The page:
The United Nations has made a sobering prediction: by 2100, the world will be 3.2 degrees hotter. Let’s be clear – life after such a temperature rise will be nothing short of a nightmare. In 80 years’ time , Rio de Janeiro, Singapore and Miami will be among the cities part-engulfed by rising water. Famine caused by spiralling crop production will come coupled with extreme heat and droughts. Coral reefs will be completely dead.
The pressure to change before it’s too late will largely fall to big businesses, which generate the majority of greenhouse gases on a global scale. ExxonMobil, Shell, BP and Chevron, for example, – were among the 100 companies named as responsible for 71 per cent of global emissions, according to a report by the Carbon Disclosure Project.
But all business leaders, from multinationals or small enterprises, will be measured against the urgency and ambition of their actions. The climate emergency is happening, and whether you like it or not, it is going to deeply affect your bottom line and the reputation of your business. Doing nothing is no longer an option. Here’s what they need to do.
1. Admit your company needs to change, fast
How much is your business contributing to the climate change problem? If you don’t know the answer, you have a serious problem. It’s not just your own operations, but also your supply chain and customer behaviour that creates a carbon footprint. To determine the scale of the problem, perform an internal audit to examine whether all of the people and partners that help you to make your products or end services share your same values. You might be shocked at what you find.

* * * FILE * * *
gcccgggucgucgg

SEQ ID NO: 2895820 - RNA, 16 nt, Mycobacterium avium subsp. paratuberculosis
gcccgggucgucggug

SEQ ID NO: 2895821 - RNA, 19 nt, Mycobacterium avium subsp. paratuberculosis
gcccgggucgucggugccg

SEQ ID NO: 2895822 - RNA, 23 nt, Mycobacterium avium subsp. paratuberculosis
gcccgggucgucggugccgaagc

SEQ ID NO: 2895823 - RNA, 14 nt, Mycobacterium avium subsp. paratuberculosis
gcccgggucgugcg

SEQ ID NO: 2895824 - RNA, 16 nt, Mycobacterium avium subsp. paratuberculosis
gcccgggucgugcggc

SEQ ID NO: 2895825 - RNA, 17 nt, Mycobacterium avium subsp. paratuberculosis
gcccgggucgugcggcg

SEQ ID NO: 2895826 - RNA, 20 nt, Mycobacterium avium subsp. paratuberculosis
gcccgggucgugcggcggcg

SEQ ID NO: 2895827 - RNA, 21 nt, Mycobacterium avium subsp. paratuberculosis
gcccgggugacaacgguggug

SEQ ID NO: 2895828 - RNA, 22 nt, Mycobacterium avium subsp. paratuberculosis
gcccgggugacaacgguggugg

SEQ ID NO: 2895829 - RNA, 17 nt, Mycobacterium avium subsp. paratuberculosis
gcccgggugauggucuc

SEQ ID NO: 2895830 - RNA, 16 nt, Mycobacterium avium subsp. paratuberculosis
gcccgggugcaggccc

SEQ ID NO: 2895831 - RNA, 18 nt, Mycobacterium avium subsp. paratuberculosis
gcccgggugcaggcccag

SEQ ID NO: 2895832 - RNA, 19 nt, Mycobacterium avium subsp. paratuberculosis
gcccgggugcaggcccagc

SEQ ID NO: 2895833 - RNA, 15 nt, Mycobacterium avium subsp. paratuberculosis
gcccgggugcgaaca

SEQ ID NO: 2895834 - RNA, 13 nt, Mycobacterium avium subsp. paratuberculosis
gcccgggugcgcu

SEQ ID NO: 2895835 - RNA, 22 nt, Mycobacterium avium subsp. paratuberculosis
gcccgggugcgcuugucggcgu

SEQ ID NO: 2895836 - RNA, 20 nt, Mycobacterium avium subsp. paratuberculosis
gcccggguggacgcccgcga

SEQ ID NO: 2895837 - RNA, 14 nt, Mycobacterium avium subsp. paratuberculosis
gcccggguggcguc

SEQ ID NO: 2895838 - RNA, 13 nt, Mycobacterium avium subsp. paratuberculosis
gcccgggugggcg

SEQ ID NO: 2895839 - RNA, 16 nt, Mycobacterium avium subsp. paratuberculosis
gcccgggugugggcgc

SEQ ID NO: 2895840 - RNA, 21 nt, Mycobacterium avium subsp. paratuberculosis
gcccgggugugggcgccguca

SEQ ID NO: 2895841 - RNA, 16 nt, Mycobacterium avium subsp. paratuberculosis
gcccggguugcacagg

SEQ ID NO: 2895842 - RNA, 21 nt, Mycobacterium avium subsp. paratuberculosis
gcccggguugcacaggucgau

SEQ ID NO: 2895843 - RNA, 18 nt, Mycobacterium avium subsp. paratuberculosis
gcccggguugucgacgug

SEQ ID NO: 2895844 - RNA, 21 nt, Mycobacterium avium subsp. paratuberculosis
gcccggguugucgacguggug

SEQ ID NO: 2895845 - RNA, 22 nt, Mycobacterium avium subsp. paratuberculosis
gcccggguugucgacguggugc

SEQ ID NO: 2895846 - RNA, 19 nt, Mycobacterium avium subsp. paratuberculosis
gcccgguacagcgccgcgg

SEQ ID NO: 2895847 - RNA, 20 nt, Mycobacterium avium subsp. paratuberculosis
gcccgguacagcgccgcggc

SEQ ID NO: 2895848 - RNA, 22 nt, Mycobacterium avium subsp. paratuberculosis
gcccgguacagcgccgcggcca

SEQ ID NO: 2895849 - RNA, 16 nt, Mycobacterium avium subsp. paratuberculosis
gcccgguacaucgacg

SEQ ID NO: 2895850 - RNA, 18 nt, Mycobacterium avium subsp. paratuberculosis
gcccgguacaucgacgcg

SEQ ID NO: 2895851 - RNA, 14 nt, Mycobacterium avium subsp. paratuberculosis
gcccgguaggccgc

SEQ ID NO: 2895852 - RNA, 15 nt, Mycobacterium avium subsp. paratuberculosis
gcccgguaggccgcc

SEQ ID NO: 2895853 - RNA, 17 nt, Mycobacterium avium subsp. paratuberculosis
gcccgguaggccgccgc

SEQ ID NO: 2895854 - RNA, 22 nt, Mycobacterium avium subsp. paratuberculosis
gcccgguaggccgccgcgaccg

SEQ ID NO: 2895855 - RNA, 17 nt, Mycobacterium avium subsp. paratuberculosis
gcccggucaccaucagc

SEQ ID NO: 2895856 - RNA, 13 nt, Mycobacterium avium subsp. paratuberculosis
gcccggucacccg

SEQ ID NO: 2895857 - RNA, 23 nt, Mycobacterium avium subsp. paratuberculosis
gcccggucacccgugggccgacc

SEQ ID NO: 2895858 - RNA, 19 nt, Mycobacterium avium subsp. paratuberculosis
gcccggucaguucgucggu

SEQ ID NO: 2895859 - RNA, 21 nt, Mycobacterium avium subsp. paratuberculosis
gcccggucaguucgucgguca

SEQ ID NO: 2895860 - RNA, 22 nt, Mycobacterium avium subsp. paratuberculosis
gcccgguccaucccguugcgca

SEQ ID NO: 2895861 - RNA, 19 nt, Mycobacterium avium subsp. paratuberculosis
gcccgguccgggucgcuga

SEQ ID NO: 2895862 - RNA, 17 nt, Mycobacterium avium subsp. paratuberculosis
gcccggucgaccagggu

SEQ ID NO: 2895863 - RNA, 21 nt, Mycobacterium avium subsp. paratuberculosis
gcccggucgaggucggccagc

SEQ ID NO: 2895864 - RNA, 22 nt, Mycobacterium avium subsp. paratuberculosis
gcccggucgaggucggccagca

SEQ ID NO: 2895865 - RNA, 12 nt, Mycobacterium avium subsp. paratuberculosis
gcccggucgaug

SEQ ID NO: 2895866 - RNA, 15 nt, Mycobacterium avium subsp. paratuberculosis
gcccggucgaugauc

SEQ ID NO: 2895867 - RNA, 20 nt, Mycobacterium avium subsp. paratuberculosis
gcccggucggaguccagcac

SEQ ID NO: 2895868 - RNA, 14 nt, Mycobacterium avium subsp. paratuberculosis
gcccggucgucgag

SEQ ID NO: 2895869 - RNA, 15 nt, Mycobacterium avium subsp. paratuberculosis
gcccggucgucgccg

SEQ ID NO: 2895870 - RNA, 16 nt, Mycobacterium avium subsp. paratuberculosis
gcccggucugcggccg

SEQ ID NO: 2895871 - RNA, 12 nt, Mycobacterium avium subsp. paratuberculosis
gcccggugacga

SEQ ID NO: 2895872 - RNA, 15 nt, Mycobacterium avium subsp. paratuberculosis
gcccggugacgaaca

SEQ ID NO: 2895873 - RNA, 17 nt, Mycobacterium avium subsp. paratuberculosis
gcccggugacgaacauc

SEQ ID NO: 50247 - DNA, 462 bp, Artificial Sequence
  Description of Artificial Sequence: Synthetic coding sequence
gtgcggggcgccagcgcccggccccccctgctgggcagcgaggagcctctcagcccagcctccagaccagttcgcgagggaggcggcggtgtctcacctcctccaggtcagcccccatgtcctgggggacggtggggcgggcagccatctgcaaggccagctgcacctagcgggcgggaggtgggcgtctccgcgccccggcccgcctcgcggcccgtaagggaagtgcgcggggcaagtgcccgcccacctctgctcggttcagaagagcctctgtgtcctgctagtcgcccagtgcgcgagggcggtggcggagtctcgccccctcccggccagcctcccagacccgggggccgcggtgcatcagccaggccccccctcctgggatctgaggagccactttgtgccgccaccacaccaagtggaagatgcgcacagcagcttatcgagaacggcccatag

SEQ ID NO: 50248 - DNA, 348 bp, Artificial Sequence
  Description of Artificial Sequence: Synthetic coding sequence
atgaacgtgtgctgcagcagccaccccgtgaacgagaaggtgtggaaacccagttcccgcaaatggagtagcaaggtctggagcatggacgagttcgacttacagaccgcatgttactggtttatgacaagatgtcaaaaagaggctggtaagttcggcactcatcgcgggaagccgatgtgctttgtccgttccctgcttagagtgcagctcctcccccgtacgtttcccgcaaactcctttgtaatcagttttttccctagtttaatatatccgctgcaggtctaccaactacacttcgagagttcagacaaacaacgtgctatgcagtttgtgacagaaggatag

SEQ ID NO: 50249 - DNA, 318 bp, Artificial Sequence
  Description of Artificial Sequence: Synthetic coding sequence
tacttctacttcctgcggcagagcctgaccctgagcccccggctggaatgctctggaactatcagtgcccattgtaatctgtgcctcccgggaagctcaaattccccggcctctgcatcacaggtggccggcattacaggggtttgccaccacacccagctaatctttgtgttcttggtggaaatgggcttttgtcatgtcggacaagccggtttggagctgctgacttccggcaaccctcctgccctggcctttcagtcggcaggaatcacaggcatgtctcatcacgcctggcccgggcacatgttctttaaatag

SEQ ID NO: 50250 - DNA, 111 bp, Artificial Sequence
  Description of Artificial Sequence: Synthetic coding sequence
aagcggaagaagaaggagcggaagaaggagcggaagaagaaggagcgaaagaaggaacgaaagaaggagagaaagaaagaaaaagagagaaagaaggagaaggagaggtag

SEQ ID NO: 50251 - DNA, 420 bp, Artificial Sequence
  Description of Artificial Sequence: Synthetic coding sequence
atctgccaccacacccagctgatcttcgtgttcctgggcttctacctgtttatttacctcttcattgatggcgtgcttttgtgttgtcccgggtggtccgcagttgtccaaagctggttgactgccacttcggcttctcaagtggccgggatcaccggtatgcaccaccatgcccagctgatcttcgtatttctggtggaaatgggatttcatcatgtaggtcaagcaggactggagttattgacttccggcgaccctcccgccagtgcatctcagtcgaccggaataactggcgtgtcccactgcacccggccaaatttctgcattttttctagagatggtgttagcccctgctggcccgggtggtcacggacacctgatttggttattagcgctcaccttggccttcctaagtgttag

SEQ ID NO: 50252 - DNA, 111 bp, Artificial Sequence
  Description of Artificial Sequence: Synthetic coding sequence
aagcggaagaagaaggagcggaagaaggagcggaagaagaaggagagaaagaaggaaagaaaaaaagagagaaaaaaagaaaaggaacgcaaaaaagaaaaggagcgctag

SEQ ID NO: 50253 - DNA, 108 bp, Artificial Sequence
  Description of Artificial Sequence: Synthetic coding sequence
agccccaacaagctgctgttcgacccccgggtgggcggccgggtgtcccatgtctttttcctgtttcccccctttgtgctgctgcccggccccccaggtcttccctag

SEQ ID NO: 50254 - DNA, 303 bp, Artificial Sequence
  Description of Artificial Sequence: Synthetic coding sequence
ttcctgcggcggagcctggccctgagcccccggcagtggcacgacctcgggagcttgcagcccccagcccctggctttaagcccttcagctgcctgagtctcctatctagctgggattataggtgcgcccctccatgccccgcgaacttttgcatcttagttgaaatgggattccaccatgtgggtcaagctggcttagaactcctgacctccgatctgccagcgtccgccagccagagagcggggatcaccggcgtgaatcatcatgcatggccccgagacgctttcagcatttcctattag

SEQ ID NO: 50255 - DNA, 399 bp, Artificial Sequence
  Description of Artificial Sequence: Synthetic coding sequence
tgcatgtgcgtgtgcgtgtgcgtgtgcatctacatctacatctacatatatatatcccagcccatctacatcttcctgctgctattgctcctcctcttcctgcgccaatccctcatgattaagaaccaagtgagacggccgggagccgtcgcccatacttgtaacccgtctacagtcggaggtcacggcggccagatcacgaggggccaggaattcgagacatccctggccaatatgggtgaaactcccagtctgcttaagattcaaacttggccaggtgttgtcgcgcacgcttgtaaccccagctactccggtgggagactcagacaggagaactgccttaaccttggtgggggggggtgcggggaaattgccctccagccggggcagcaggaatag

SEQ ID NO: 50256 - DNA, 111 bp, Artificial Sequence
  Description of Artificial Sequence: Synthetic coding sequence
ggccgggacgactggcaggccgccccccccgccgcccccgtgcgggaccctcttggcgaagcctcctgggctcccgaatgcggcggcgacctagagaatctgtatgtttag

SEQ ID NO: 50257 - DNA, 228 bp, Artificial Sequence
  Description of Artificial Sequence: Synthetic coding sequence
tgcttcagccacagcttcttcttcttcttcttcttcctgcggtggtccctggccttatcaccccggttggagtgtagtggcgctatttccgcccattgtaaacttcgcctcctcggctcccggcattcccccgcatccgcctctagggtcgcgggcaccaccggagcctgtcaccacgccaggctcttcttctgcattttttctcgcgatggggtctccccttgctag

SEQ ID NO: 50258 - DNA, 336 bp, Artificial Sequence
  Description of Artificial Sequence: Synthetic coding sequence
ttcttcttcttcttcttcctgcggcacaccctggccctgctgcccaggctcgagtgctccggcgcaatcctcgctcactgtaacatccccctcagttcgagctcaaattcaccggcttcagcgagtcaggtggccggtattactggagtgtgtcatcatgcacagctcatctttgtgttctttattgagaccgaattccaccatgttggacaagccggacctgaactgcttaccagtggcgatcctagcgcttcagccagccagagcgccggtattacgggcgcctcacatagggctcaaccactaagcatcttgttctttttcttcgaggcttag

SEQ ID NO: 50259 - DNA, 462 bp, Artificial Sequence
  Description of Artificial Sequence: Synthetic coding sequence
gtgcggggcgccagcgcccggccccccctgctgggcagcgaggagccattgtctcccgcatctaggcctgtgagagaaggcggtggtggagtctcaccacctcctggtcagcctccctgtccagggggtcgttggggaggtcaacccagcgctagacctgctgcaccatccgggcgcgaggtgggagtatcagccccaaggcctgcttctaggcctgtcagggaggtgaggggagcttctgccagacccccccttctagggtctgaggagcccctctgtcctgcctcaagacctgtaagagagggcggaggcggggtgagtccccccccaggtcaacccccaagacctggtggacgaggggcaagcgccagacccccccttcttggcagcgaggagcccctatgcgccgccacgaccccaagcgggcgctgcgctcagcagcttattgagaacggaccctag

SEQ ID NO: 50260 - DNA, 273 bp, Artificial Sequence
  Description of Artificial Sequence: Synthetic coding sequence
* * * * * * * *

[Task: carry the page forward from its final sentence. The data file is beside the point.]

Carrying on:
Look deeply into your full value chain and your current partnerships and stop doing business with companies that do not share your commitment to the climate emergency. Senior leaders and strategy teams will need to rethink the company’s overall business model and consider how to transition to one that is restorative, regenerative, and circular by design.
This doesn’t mean sacrificing profits, as proven by companies such as Yerdle Recommerce, a website that specialises in second-hand sales for brands, and Desso, which has developed carpet yarn that can be used over and over again.
Climate change is not often at the top of the agenda for top management meetings – but it should be. This group of people will make decisions about long-term investments that could greatly impact the footprint of the business and can change the company for the better.
2. Get your board to commit to climate change seriously
Your company’s board should approve a clear statement of purpose for the business and publish it in the legal documents of the business. Your board should also acknowledge the climate emergency and be clear that it must make decisions with consideration to long-term, intergenerational shareholders.